On a Saturday, strolling through the farmer's market among the vendors and musicians you'll find a small and rare factory.
One component, Marshall James Kavanaugh, will be positioned in a wide-brimmed straw hat behind an antiquated typewriter. Alongside of him, you'll see the second contributing mechanism, Anthony Evan Carson, posted at a small table with a variety of watercolor pencils in a black fedora and floral print shirt.
Upon request, the unordinary atelier and artistic machine produces illustrations, poems and even dreams.
In 2016 Kavanaugh and Carson were introduced to each other by a mutual friend. Later that fall, they joined the oil pipeline protest at Standing Rock in North Dakota, working within the camp and standing in solidarity for water protection.
By 2017 Kavanaugh purchased a small table, asked Carson to create drawings by request and to join his poetic mission. Thus the dream team was created. They have since created pocket-sized, collaborative, illustrated poems based on the passing pedestrians' queries.
Local musician, Carson, drifter from place to place, had been drawing long before joining Kavanaugh. His colorful representations were foretold in photographs before endless doodles on grade school notes led him to full-time artistry.
"There's a picture of my father drawing portraits of me and my little baby brother, and I'm looming over him and totally enthralled, mystified and I'd say that was a defining factor for me," Carson said.
Carson finds inspiration in the world around him and is influenced by Connor Oberst of the musical group Bright Eyes as well as filmmaker and writer Alexandro Jodorowsky.
As for Philadelphian Kavanaugh, he has been a lifelong poet before taking to the road and the streets to create poetry by request, referring to himself as a dream poet for hire.
"For me this is one facet of me being a poet. I view being a poet or being an artist, they're interchangeable. It's not just a thing you show, but a thing that you live," Kavanaugh said. "I don't just put out bits of poetry and hide in the shadows when people read my books. I feel like to be a poet I need to actually live that lifestyle completely," he said.
Kavanaugh's poetic intentions were fueled by Jack Kerouac, activist and writer John Trudell and poet Sonia Sanchez, and he utilizes his own poetic medium to evoke and recognize activism.
What dreams are made of …
For the Currents New Media Festival in Santa Fe, Carson and Kavanaugh will be premiering their newest endeavor "Dreams by Request" Friday through Sunday (June 8-10) on the Railyard Plaza.
"It's an interactive installation involving video, and we'll be doing dreams by requests, but basically poetry and drawing by requests, and we're building this thing we're calling the 'Manifestation Station' that's basically like a space for people to go into and (it) manifests their different intentions, but it's also playing on the themes of the dogma of spirituality ... by blasting poetic mantras on the tent you walk inside of," said Kavanaugh, describing the upcoming interactive post. "They're tying all back to getting people to be centered back in the earth."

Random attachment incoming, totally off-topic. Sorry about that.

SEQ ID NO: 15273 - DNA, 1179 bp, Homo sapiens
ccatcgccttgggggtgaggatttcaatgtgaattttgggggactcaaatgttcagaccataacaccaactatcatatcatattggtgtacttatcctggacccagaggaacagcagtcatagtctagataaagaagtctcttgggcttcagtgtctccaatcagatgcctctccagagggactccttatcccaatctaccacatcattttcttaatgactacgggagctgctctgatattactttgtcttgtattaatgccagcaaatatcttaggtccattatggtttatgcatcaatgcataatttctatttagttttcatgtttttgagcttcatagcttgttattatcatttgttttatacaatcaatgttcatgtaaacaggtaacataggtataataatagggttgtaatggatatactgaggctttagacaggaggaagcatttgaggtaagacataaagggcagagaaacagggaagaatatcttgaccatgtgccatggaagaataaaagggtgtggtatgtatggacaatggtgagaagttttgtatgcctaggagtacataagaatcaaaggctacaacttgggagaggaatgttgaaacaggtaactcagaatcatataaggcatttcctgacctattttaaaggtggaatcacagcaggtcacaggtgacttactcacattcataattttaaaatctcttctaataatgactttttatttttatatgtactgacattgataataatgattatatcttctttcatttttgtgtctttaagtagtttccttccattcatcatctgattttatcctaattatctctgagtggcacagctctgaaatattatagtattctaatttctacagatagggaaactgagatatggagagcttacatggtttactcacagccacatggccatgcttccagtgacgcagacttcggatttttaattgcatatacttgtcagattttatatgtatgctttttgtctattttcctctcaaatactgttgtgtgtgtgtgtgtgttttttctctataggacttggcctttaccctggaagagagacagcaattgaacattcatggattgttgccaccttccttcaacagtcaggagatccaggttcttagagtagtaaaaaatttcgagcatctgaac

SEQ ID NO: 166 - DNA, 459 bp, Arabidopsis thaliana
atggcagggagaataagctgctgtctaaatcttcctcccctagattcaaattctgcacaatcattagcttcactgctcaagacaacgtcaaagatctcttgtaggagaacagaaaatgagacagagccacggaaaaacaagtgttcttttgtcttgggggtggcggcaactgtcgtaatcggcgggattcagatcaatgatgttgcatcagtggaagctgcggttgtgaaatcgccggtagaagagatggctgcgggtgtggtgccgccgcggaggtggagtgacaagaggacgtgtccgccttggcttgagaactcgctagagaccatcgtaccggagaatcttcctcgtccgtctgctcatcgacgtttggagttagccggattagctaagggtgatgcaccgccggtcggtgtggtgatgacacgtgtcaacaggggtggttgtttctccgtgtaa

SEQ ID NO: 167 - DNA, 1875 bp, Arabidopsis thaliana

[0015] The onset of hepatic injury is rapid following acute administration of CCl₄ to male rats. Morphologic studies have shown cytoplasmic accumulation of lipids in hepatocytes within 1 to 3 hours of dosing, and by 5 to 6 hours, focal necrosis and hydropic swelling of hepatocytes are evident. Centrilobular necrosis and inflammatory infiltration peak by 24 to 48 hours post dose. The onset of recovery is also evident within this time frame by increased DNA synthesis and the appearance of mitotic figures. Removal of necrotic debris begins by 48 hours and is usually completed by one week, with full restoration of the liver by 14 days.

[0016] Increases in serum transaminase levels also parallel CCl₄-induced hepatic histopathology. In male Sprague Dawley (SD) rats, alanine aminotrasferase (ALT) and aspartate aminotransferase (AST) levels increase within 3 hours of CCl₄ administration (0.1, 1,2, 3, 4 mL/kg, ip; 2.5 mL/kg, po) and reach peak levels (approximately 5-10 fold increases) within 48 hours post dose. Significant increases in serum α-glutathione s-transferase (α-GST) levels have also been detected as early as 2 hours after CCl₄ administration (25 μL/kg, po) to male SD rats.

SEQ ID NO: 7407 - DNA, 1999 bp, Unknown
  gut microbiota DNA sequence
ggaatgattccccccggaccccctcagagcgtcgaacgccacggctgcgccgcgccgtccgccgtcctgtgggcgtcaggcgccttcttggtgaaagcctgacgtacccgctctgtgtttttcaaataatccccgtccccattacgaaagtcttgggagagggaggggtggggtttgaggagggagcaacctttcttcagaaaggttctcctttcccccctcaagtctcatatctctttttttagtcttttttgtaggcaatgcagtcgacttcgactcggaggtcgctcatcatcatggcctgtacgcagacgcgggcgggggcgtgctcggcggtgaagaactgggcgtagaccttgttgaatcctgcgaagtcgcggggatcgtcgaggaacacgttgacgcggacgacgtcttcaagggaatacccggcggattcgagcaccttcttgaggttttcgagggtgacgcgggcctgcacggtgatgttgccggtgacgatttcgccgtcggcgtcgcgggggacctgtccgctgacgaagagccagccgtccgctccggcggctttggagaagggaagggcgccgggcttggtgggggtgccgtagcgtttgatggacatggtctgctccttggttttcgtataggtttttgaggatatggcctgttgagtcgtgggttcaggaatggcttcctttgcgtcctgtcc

Kavanaugh will be typing up the pocket-sized surreal and imaginative collections of words to create dreamscapes, and Carson will be drawing colorful, psychedelic and cosmic illustrations to further depict the clouded visage.
The final concept is inspiration. The duo's primary aspiration is to create a safe discussion space as well as spur the spirit.
"My hope for anything that I do: it's nice to be recognized, but really I just want to inspire people to become themselves and to know that it's okay to feel tension. It's okay to release. It's also okay to be peaceful and happy. It's something I learn every day," said Carson.
"My personal mantra is to inspire and be inspired. I feel like that's what an artist is supposed to do," added Kavanaugh in agreement with Carson.
Previously Kavanaugh and Carson curated "A Poem is Where the Heart Is," an interactive installation that offered typewriters for participants to create poems from prompts. The poems in turn collectively built a final piece for reading during April's national poetry month at the experimental venue Parse Seco.
The exhibition's intent was to reflect back on the diverse range of voices present in the Taos area. They created a space for expression, addressing various issues within the community which included federal ICE (Immigration and Customs Enforcement) raids, rejuvenation of ecosystems and indigenous identity.
Don't miss the Manifestation Station in Santa Fe's Currents New Media Festival, which will be ongoing through June 24 and discover the small dream machine at Taos Farmers Market on Saturday. For more information visit marshalljameskavanaugh.com, anthonyevancarson.com, or currentsnewmedia.org/festivals/2018/.